Sharks in danger
Honoring God’s creation means taking care of it. Minimizing suffering
when possible and letting God’s creatures proclaim His/Her glory by
exercising their God-given rights.
China seems to be the key in saving some sharks species from
extinction. It is estimated that up 90% of shark fins end up in the
mainland Chinese market, as well as Hong Kong and Taiwan, according to
Steve Trent, president of WildAid. Shark fins are a delicacy in those
areas of the world and their demand is putting enormous pressure on the
The UN's Food and Agricultural Organization estimates that 100
million sharks are caught each year, though experts say the real figure
could be twice as much. To make matters worse, these creatures are
mostly exploited just for their fins.
Sharks are brought on board, their fins cut off and then these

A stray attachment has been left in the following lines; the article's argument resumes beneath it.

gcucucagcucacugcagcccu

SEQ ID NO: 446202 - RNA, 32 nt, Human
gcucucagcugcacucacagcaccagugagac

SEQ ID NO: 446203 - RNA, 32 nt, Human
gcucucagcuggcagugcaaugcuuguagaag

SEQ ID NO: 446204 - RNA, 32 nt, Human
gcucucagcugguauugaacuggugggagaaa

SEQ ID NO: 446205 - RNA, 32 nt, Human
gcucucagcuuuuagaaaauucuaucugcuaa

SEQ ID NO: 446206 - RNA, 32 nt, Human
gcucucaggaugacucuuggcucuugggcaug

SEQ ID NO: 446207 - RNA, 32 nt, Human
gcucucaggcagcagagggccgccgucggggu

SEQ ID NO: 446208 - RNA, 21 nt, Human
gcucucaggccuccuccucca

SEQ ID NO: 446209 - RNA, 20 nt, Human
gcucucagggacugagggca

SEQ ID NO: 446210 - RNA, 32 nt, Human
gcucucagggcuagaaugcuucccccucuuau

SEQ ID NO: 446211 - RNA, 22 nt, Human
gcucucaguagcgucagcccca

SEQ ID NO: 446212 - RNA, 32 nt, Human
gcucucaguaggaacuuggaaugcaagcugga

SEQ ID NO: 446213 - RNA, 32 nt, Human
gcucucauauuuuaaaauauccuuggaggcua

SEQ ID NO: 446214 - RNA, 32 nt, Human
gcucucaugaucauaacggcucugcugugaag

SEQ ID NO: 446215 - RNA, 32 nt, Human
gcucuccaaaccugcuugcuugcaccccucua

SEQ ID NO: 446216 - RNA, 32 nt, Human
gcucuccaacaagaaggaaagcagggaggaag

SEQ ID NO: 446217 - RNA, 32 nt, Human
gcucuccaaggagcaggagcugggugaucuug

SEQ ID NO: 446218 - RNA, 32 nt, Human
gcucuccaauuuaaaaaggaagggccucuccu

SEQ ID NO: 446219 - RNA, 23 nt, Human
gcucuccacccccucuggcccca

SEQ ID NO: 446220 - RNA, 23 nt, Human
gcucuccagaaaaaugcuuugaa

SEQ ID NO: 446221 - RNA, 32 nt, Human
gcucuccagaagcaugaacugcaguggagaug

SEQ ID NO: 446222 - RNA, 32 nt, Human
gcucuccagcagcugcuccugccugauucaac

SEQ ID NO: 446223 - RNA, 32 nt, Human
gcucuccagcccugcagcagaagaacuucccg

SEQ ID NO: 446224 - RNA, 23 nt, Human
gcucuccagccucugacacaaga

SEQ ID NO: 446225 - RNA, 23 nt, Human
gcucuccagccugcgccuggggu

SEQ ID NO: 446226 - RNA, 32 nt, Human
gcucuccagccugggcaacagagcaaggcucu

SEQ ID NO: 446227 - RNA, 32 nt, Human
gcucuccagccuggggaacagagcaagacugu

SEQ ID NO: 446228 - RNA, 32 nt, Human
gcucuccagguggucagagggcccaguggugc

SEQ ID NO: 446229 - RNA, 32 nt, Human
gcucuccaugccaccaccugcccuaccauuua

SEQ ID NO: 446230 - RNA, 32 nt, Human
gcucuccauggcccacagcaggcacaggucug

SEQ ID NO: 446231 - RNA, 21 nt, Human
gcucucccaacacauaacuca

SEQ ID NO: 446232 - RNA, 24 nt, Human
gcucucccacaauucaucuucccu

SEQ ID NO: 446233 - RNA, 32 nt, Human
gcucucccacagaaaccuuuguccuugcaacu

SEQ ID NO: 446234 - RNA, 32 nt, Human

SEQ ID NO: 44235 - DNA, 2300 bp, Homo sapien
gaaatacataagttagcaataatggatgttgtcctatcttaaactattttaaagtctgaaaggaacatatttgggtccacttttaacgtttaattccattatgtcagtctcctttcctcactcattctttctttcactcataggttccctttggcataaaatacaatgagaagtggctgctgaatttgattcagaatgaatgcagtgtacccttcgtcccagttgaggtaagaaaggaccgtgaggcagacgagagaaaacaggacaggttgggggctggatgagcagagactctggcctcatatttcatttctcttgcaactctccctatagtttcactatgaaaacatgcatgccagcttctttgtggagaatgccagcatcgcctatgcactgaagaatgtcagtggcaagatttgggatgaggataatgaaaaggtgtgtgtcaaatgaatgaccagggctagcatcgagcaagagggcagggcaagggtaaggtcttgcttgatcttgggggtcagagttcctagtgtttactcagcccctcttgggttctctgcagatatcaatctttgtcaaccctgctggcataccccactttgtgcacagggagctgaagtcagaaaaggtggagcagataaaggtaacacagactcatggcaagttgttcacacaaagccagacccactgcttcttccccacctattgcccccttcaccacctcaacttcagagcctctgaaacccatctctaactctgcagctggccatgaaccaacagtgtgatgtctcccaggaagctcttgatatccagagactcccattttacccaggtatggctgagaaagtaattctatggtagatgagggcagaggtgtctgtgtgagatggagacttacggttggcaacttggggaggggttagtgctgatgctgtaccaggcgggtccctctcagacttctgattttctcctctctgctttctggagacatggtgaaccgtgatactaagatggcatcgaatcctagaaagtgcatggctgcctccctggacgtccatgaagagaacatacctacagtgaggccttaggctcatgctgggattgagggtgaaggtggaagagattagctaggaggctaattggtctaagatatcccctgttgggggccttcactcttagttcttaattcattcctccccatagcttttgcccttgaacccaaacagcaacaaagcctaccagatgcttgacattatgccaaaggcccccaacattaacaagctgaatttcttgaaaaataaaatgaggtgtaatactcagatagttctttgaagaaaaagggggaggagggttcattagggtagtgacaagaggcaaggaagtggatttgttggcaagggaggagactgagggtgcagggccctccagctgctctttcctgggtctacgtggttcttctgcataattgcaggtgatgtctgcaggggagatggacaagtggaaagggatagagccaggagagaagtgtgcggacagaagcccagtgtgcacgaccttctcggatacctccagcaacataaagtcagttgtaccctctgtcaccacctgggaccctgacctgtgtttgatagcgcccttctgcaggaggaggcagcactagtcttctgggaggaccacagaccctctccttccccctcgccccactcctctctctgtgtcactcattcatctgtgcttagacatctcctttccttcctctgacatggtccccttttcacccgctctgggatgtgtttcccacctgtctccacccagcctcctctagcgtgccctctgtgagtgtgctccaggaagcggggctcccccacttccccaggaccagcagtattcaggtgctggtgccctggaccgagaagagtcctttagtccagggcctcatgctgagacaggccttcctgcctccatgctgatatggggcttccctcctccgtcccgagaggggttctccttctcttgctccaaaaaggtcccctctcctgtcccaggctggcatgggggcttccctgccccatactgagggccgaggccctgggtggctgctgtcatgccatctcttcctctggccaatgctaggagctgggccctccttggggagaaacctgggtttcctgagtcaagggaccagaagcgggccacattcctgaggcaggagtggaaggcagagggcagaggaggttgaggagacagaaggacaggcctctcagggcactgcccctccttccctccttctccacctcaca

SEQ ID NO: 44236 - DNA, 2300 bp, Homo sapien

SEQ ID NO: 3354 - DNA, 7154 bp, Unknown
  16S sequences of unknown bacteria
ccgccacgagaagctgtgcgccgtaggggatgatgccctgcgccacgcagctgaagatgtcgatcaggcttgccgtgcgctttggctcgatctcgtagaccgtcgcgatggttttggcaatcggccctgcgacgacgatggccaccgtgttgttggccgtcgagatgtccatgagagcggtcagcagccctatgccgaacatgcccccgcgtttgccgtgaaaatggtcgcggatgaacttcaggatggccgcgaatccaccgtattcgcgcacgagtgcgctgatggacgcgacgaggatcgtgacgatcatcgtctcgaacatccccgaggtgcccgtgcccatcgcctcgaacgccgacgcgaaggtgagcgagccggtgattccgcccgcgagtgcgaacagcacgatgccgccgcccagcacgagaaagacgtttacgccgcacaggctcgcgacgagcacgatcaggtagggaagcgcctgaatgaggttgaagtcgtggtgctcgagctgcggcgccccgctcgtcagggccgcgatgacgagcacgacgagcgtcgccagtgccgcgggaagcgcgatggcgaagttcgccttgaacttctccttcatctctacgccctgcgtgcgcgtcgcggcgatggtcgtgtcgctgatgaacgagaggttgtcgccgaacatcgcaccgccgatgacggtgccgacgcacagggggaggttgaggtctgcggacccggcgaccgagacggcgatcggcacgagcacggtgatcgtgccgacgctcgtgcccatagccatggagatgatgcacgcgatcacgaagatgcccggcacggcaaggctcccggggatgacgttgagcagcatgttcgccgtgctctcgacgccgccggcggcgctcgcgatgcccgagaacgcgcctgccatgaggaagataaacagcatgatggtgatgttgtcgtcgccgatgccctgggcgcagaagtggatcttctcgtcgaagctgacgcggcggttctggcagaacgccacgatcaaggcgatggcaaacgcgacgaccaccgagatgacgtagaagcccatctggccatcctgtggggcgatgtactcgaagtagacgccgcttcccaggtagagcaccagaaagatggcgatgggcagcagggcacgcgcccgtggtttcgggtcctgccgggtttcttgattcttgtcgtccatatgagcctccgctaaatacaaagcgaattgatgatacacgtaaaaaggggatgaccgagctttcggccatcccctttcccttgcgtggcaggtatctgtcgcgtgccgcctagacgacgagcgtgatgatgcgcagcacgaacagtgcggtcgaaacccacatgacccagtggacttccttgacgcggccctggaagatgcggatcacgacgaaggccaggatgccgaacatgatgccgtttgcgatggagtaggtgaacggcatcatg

animals are thrown back into the water dead or dying.
Once again there’s a practice that in not only not sustainable but
cruel. The hope? Education. An example are short television messages
featuring basketball star Yao Ming and Chinese Olympic gold medal
gymnast Li Ning spreading the conservation message. Yao’s words are, "As
we progress as a nation and society becomes more driven by money and the
increased desire to quench our taste buds, we should take a step back
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